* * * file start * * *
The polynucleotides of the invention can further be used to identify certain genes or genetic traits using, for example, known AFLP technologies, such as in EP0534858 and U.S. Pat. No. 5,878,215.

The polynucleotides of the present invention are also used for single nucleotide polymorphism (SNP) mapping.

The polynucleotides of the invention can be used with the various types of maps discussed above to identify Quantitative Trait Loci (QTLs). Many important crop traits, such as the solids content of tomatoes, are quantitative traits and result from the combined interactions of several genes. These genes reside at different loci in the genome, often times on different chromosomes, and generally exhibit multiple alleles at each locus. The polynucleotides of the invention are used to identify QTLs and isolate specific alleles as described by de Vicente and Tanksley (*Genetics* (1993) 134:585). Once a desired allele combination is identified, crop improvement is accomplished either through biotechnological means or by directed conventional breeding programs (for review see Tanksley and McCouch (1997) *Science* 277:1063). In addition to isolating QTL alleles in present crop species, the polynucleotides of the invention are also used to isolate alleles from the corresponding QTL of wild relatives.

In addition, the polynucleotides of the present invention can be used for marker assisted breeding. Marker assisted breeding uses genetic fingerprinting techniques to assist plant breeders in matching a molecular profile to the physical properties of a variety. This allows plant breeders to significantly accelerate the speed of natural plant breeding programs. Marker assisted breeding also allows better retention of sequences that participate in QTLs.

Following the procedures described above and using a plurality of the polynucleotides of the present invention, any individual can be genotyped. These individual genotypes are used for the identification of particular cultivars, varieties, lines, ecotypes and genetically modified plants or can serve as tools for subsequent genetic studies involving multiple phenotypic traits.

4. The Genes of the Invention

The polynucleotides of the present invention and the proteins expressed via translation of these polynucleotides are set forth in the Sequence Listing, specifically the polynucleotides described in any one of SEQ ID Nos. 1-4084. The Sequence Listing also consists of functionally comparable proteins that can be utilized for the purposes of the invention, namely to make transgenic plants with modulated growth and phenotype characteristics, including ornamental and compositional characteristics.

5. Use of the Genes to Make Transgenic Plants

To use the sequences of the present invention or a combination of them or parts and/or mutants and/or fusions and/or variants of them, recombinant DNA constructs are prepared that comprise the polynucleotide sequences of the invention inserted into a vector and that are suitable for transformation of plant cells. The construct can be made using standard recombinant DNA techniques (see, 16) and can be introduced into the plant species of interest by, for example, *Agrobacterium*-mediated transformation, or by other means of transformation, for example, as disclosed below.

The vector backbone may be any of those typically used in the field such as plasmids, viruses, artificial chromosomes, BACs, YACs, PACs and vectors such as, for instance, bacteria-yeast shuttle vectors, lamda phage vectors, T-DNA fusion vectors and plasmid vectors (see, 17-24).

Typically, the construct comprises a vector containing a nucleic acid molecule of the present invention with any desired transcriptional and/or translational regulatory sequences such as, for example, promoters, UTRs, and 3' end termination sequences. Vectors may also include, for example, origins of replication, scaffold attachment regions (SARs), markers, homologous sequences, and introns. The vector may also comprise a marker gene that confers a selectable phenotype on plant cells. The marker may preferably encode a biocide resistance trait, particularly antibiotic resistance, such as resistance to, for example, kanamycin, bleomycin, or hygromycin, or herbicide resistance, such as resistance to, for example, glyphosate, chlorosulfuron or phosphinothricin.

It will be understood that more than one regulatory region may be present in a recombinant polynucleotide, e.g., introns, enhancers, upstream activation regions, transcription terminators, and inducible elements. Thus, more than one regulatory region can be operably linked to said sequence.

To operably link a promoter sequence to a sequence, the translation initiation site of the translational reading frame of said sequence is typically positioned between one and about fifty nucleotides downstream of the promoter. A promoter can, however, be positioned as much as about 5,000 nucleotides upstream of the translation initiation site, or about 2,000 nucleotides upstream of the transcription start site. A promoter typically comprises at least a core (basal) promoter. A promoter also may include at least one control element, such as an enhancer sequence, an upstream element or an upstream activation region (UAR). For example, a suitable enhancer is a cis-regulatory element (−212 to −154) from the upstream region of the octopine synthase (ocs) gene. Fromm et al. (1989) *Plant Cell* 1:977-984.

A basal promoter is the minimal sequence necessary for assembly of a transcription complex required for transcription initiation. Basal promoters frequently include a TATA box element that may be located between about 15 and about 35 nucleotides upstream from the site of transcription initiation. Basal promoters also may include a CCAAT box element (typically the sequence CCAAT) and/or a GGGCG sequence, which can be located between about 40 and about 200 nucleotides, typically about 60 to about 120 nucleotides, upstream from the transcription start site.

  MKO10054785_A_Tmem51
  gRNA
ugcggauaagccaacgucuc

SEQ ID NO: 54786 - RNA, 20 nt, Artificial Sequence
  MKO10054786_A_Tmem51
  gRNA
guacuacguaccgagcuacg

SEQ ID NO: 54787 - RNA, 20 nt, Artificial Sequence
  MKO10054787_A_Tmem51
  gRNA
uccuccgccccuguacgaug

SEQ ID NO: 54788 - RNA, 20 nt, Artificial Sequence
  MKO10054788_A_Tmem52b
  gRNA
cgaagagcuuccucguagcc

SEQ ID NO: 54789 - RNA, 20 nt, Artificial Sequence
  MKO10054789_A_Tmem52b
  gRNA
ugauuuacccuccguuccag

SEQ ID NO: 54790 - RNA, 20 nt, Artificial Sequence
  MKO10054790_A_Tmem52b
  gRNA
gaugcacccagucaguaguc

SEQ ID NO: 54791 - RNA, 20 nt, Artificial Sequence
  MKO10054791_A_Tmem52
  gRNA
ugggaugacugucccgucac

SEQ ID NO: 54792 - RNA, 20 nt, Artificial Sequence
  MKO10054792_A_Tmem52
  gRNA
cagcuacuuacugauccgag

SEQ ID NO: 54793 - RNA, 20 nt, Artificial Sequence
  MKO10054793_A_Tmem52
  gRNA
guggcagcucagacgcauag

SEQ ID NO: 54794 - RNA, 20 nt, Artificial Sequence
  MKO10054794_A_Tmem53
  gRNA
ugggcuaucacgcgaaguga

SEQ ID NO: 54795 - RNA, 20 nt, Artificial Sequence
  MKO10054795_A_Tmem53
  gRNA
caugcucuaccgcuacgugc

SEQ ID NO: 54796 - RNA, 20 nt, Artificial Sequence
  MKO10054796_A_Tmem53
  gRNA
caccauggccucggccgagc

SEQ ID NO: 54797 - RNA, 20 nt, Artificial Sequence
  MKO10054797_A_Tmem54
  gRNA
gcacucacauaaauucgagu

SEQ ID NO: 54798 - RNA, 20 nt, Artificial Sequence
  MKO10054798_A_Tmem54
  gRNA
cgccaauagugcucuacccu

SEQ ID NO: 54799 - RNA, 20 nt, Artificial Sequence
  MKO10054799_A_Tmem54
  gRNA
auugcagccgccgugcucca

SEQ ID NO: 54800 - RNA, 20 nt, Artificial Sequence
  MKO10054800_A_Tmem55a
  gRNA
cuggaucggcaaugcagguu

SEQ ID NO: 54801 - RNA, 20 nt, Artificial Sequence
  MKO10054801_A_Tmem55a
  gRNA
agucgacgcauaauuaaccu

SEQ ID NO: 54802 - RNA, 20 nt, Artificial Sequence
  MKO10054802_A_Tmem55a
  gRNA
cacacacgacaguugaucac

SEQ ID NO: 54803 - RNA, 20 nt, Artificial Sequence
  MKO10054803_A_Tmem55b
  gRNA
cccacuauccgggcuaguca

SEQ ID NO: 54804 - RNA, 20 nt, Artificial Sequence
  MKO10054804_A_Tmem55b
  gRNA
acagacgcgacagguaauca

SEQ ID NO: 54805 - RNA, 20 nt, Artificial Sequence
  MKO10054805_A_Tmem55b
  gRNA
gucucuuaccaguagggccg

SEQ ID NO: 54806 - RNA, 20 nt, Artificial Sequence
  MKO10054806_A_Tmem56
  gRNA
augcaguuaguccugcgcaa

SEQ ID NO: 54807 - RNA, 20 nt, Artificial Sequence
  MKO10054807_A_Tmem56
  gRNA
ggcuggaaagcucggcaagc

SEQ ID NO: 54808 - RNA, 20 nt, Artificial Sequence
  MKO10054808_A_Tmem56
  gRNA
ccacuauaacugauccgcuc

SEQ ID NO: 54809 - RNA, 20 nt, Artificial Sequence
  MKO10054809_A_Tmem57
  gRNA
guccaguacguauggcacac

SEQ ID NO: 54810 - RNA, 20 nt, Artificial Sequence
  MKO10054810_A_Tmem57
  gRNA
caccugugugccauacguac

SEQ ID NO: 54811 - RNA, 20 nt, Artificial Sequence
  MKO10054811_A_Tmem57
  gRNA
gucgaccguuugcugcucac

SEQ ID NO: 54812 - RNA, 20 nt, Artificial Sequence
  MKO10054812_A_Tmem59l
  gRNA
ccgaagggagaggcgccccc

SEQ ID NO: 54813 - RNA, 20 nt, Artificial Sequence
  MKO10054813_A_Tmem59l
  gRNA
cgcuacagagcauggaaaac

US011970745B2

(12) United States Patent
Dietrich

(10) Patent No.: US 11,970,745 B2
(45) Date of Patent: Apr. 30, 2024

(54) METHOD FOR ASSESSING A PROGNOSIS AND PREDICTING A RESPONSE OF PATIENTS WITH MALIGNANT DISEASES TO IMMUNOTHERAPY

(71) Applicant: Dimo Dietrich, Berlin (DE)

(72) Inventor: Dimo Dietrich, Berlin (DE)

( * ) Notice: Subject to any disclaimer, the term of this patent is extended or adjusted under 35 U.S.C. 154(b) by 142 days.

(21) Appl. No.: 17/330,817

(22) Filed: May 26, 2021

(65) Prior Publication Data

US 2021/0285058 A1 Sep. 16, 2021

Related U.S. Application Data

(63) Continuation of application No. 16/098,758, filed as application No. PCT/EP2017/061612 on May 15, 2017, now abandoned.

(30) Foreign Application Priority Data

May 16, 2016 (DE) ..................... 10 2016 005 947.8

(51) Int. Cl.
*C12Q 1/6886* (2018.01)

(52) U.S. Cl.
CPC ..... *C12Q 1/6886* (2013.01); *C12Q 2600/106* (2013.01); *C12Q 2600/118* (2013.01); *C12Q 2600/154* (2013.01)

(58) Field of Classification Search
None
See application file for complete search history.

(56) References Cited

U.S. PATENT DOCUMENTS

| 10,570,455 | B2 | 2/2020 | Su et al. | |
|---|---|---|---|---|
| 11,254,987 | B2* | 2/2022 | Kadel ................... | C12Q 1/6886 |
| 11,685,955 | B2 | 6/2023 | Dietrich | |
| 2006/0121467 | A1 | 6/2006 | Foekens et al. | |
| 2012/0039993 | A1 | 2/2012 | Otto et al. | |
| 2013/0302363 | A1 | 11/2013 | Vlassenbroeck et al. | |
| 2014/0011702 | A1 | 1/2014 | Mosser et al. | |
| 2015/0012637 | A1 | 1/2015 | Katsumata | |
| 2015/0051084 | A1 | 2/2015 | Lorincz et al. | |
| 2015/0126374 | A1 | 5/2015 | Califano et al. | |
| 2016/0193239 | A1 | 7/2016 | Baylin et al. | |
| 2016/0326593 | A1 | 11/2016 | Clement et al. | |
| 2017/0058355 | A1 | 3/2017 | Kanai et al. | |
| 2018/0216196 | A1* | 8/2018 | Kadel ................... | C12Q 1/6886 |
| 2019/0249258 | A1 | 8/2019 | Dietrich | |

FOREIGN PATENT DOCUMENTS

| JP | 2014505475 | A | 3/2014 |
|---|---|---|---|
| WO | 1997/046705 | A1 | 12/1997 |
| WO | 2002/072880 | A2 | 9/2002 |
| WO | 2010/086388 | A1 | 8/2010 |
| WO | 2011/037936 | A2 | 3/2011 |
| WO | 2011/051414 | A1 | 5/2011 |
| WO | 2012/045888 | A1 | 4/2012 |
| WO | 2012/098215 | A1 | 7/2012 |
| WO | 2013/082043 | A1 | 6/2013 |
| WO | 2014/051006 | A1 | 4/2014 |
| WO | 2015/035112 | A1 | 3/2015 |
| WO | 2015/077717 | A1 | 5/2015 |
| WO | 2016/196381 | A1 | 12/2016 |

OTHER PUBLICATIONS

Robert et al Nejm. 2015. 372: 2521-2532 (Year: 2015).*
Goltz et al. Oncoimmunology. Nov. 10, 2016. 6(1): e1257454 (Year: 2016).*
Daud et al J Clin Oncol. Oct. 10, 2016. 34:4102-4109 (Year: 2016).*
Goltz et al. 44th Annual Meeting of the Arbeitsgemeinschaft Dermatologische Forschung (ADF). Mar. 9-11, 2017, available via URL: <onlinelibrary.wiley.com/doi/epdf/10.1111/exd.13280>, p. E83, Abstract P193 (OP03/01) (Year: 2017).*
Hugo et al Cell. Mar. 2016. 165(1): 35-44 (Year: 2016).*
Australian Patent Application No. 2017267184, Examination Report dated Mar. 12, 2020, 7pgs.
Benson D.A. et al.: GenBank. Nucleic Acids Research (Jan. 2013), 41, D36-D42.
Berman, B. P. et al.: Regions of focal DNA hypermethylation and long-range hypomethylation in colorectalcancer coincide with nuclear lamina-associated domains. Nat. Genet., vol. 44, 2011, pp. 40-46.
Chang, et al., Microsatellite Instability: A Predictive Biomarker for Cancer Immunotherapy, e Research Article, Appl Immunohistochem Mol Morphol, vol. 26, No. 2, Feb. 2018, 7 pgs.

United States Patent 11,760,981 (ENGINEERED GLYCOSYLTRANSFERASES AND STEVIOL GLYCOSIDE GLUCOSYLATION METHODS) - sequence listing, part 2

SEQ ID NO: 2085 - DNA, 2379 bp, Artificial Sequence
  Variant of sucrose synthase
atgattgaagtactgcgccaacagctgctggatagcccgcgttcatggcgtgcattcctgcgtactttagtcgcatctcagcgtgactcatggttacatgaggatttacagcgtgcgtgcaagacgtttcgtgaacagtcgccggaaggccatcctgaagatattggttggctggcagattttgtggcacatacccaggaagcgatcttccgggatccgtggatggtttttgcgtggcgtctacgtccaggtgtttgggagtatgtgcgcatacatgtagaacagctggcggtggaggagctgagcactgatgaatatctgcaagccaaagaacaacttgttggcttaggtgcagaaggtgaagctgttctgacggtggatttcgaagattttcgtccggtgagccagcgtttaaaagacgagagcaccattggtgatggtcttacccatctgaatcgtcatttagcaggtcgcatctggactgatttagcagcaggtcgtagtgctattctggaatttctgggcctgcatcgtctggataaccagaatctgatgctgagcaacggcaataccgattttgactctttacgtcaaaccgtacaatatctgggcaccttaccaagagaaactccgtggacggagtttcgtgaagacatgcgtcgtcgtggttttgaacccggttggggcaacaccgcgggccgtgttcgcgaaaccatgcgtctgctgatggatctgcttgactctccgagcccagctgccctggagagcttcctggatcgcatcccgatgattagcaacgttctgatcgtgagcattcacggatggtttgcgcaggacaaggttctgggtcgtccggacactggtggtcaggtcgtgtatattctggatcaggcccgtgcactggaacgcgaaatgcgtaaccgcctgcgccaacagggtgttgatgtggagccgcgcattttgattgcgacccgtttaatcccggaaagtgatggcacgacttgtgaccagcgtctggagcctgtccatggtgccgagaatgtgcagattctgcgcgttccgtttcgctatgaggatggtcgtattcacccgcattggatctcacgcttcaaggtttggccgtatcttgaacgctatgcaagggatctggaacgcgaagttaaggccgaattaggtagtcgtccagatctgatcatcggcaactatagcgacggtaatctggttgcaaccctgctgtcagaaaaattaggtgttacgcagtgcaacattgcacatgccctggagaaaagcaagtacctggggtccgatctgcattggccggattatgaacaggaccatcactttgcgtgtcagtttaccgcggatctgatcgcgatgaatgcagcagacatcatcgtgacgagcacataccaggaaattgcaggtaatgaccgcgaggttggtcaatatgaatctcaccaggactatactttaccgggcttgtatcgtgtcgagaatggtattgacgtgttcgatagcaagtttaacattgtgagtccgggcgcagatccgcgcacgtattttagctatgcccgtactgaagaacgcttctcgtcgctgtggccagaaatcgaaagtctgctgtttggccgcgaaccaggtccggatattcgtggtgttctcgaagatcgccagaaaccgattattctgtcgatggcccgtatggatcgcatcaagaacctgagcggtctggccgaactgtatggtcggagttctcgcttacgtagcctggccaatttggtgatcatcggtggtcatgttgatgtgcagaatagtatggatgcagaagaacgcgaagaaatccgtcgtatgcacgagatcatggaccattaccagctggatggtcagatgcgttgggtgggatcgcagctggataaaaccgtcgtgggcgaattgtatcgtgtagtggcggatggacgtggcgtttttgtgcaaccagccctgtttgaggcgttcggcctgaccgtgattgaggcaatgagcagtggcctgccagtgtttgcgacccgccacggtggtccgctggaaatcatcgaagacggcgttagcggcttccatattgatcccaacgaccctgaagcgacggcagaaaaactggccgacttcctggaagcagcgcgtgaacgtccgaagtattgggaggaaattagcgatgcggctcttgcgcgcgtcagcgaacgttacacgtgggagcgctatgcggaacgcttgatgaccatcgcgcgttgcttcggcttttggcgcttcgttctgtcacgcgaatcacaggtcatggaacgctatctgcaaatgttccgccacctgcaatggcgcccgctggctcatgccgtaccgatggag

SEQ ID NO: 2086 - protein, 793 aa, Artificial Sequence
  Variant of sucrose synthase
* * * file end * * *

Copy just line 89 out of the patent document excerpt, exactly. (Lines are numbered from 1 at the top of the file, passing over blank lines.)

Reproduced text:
cccacuauccgggcuaguca